In the event of a marine accident, Transport Canada may send inspectors to the accident site to verify compliance with regulations under the Canada Shipping Act. An investigation is undertaken if it is believed that any safety regulations were violated and therefore contributed to or caused the accident.
The department may also conduct an investigation (under the Canada Labour Code, Part II) to determine if the working conditions were a factor in the accident.
Transport Canada inspectors are also responsible for investigating ship-source marine pollution incidents, determining the cause of the pollution, and recommending prosecution if appropriate.
In the case of major accidents, the Minister of Transport, Infrastructure and Communities may appoint a Minister's Observer to attend the investigation. Through the Minister's Observer program and through its own investigations, Transport Canada may become aware of circumstances which require immediate attention, in which case the department takes action as necessary.
As part of its mandate to advance transportation safety, the Transportation Safety Board (TSB) may choose to investigate the accident and release a report. Transport Canada co-operates with the TSB in its investigations by providing information and advice. When the TSB report is released, Transport Canada takes appropriate action based on the report's findings and recommendations.
Other major players
Transportation Safety Board
The Transportation Safety Board of Canada (TSB) is an independent agency created to advance transportation safety through the investigation of occurrences in the marine, pipeline, rail and air modes of transportation.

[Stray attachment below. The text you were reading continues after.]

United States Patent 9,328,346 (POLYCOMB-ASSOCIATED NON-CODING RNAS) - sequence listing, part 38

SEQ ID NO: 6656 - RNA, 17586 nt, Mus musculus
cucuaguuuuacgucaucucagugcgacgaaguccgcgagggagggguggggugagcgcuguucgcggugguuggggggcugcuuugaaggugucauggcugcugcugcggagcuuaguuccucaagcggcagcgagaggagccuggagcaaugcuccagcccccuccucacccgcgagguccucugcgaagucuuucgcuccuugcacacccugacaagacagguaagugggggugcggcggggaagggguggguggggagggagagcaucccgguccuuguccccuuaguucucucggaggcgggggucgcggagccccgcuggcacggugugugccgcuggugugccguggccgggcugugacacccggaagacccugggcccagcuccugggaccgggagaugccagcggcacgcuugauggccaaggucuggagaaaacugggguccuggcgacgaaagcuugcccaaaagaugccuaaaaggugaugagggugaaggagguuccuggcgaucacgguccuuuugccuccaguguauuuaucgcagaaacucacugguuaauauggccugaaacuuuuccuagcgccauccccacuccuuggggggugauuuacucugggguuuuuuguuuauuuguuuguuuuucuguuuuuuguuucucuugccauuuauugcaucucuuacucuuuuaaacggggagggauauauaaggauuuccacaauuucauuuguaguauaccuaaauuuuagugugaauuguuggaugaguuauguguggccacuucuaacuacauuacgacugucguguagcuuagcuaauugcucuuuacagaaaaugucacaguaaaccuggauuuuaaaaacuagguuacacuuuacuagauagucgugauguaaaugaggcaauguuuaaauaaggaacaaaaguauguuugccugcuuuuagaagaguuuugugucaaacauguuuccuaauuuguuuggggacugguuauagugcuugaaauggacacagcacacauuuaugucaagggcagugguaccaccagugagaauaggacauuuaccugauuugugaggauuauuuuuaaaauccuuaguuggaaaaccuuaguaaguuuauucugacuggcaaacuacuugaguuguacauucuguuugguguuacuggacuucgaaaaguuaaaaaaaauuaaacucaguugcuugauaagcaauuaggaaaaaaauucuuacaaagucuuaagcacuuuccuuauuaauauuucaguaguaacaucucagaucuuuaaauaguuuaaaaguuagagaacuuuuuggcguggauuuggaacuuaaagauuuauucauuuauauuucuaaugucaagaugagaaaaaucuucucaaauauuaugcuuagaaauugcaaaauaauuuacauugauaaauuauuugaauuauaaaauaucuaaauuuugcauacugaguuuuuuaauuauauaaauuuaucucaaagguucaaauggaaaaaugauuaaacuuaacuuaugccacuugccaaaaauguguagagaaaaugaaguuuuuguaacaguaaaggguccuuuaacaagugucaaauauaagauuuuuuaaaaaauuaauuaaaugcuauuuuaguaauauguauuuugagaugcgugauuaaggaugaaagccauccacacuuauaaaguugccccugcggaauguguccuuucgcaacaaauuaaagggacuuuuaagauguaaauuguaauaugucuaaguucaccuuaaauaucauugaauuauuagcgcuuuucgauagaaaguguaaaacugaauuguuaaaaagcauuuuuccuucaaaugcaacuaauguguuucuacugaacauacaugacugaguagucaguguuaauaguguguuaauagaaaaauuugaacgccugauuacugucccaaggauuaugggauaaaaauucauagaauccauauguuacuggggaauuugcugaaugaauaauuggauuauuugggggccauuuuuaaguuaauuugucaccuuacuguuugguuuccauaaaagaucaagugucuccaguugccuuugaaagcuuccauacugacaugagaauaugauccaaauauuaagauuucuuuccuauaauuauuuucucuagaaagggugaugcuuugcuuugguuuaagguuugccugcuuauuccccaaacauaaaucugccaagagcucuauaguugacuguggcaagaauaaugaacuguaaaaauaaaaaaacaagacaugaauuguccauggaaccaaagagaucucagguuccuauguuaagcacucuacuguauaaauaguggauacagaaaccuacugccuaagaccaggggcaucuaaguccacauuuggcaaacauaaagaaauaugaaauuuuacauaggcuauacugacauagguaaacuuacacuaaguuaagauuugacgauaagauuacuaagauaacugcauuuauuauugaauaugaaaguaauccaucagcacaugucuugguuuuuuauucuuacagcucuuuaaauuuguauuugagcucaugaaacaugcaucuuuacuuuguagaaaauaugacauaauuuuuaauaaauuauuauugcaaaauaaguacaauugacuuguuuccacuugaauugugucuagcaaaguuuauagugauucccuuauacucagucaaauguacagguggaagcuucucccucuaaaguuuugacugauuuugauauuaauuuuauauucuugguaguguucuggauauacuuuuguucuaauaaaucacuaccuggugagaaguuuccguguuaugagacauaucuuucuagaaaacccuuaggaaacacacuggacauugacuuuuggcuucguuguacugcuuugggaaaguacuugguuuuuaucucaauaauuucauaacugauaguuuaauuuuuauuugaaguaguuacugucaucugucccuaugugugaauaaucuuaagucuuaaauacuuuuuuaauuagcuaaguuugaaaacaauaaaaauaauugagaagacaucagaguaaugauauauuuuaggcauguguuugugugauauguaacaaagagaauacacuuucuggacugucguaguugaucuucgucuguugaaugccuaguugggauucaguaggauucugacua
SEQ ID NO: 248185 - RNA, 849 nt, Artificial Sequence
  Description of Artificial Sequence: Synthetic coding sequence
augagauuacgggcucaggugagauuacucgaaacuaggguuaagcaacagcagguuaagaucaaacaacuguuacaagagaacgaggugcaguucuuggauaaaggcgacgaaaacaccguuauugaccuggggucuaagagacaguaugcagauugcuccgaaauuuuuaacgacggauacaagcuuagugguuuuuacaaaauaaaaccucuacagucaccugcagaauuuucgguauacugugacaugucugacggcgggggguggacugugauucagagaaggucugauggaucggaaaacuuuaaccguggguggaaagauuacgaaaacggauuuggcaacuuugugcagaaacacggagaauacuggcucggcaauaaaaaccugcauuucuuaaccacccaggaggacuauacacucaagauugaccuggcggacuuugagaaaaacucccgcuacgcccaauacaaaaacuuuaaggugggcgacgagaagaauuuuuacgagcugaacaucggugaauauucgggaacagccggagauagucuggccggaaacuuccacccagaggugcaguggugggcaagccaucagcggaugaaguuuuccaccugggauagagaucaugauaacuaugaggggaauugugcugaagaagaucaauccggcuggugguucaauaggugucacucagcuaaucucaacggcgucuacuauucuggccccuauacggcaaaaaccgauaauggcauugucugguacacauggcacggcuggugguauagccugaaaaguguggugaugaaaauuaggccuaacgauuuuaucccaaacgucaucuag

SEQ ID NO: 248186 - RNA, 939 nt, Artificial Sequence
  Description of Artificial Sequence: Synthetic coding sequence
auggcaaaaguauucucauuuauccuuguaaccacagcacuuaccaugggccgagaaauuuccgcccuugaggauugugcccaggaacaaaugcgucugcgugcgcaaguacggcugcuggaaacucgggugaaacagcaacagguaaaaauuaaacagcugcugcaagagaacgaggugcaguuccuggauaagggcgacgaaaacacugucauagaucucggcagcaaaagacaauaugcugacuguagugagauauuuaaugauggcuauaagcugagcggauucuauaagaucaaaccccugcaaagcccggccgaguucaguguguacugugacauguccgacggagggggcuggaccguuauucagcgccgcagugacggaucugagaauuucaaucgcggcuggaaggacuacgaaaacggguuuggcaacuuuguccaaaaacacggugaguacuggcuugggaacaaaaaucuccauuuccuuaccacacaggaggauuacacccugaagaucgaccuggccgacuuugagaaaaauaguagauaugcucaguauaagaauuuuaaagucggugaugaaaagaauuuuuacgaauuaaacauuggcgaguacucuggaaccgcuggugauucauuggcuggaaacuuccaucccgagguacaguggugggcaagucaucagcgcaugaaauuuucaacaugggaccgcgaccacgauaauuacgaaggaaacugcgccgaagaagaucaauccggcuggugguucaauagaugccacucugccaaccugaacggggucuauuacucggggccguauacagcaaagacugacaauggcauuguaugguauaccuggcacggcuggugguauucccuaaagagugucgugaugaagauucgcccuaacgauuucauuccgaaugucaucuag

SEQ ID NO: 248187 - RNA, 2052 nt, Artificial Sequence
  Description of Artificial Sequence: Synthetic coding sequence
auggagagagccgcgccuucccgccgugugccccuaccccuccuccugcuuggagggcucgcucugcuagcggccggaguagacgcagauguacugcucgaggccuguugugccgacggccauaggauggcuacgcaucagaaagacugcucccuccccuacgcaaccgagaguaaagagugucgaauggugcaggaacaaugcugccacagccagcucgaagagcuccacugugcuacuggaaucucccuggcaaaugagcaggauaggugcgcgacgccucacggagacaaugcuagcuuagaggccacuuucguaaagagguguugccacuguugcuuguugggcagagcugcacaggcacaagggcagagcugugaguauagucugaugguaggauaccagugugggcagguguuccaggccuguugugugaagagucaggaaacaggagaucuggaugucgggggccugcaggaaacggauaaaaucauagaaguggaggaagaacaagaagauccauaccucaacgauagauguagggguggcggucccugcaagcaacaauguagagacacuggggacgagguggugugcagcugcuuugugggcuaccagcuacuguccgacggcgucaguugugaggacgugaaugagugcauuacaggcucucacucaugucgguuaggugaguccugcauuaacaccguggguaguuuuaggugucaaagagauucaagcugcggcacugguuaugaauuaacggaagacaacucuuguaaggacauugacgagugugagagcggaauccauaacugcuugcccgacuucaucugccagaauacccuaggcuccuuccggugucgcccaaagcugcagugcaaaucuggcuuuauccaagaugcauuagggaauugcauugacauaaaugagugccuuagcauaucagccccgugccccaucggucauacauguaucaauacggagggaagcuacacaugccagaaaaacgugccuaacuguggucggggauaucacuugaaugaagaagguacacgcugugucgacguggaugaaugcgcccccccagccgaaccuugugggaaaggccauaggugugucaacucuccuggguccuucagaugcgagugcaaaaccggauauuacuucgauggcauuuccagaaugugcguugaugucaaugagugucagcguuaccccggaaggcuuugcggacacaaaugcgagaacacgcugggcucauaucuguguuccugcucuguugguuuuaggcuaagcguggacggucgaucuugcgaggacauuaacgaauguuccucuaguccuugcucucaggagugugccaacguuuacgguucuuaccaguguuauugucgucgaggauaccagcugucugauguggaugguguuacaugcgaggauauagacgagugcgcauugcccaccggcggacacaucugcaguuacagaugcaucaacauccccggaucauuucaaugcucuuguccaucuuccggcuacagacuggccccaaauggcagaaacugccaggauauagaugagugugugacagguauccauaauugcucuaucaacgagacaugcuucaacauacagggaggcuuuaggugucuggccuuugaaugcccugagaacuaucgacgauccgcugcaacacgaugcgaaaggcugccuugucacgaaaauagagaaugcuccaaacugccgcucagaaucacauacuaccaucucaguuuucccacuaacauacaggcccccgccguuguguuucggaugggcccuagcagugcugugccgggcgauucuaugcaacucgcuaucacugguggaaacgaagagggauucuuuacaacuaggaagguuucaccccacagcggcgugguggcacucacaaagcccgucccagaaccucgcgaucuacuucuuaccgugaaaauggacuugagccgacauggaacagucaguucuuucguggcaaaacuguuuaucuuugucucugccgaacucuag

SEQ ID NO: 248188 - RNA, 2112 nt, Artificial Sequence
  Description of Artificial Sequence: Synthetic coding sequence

These investigations help the TSB to determine why an accident happened, and how safety can be improved to help prevent similar accidents.
The TSB also maintains an accident reporting system for all modes of transportation. This information is used by the Board, and by Transport Canada, to analyze and improve the safety of Canada's transportation system.
If a transportation accident involves fatalities, a representative of the provincial or territorial coroner or a medical examiner is sent to the site. The coroner's responsibilities include conducting autopsies where necessary and determining the cause of death. The coroner may decide to hold a coroner's inquest into the circumstances surrounding the deaths. This inquest is normally held two to six months after the accident.
The police, whether local, provincial or RCMP, are normally among the first officials to arrive at the site. Their initial responsibilities are to ensure the safety of persons and property at the site. They also secure the site, document evidence, assist the coroner in his/her duties, and may act as the coroner's agent, especially in remote locations.
On occasion, there may be other organizations present at accident sites. For example, officials from Environment Canada and their provincial counterparts may be on hand to help determine the presence of or to contain any environmental damage.